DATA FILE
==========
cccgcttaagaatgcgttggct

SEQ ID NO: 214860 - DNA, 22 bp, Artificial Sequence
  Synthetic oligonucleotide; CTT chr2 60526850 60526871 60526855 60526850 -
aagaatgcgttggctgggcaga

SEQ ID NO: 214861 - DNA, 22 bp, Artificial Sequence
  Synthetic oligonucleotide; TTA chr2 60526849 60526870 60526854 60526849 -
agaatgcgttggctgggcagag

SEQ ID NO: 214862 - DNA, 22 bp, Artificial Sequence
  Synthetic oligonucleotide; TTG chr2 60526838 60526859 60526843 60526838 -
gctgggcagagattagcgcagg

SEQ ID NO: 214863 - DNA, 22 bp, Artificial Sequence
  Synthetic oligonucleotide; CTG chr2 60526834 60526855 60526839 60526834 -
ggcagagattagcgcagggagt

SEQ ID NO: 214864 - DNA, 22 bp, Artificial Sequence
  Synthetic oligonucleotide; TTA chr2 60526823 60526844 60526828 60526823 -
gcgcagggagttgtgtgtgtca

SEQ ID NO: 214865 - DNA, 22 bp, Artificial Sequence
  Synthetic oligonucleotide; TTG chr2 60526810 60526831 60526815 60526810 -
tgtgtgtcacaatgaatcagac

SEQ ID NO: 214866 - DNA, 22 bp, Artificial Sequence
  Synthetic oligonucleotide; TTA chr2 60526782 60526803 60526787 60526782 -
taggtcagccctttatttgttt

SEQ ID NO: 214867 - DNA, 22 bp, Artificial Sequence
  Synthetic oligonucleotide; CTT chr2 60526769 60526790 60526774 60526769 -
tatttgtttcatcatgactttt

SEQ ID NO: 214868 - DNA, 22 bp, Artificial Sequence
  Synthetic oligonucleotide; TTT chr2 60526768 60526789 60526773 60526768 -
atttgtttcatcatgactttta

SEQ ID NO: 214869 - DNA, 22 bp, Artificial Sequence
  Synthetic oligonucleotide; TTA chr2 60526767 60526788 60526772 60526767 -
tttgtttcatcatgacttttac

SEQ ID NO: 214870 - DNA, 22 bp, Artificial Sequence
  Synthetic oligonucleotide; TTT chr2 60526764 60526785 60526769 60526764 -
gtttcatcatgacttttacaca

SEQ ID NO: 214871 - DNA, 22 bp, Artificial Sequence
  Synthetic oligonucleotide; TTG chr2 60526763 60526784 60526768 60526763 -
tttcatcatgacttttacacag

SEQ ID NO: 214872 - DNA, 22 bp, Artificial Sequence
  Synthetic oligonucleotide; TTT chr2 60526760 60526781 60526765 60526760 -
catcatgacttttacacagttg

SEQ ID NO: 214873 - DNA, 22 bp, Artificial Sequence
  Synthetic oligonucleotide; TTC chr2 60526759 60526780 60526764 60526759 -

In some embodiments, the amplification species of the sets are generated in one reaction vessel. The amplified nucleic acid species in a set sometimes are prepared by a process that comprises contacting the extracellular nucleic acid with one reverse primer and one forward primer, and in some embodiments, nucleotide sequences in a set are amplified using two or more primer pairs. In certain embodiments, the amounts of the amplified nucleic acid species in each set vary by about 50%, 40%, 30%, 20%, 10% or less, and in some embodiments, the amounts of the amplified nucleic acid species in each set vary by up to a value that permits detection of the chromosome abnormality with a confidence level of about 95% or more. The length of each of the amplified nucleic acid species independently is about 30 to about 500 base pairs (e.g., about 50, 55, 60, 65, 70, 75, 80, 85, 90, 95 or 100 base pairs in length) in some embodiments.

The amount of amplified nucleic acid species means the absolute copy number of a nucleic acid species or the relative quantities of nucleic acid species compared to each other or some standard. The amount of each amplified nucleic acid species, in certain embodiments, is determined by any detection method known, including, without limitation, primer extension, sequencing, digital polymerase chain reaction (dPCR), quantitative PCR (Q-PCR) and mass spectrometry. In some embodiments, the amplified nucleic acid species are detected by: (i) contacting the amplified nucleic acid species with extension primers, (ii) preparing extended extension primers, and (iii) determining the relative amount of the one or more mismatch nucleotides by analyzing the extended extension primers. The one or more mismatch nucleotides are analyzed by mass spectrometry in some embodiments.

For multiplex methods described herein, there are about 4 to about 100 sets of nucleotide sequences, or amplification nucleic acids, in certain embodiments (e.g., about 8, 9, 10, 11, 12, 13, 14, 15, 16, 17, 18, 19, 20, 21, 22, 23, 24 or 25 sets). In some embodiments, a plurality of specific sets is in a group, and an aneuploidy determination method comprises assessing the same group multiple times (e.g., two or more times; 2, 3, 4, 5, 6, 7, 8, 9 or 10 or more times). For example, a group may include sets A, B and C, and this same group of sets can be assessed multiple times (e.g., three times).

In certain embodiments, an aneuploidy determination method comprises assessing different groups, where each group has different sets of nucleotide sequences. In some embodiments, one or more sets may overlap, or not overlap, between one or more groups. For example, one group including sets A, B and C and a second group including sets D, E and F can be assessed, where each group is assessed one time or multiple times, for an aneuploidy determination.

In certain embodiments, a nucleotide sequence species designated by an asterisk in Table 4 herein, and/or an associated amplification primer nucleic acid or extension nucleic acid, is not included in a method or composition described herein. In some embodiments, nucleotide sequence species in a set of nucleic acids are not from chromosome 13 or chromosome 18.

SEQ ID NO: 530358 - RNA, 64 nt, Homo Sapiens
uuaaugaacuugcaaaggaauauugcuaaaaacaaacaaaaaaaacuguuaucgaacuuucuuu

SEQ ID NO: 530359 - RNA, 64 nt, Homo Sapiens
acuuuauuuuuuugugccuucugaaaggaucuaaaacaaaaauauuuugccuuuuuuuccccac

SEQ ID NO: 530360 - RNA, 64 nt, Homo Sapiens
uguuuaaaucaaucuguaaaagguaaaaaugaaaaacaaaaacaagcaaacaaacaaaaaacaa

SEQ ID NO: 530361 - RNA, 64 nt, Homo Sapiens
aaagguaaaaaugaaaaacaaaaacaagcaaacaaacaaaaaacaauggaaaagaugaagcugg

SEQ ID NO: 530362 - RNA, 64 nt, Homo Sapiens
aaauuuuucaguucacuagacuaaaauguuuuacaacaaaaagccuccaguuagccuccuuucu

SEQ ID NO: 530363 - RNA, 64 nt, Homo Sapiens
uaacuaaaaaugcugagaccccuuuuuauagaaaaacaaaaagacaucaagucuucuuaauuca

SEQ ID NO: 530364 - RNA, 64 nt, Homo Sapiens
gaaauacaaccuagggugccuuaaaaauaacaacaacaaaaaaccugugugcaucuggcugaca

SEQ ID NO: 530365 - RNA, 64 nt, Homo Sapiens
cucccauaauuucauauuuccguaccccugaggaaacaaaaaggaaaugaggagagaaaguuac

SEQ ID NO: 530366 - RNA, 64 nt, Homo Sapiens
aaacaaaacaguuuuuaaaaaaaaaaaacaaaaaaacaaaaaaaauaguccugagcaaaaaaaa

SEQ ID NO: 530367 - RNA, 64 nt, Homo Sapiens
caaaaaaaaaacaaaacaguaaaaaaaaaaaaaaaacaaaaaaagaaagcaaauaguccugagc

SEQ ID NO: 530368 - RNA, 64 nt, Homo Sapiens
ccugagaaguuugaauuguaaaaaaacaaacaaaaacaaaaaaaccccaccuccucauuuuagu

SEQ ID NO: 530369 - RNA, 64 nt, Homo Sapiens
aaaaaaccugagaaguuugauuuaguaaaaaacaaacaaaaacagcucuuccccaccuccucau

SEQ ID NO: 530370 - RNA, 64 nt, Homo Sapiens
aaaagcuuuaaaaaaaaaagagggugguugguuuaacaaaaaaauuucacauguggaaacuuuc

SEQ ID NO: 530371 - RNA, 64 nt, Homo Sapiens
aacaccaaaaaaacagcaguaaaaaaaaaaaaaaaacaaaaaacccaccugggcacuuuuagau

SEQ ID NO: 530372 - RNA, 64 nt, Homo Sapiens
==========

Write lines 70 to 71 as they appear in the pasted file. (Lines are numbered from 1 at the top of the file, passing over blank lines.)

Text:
SEQ ID NO: 530369 - RNA, 64 nt, Homo Sapiens
aaaaaaccugagaaguuugauuuaguaaaaaacaaacaaaaacagcucuuccccaccuccucau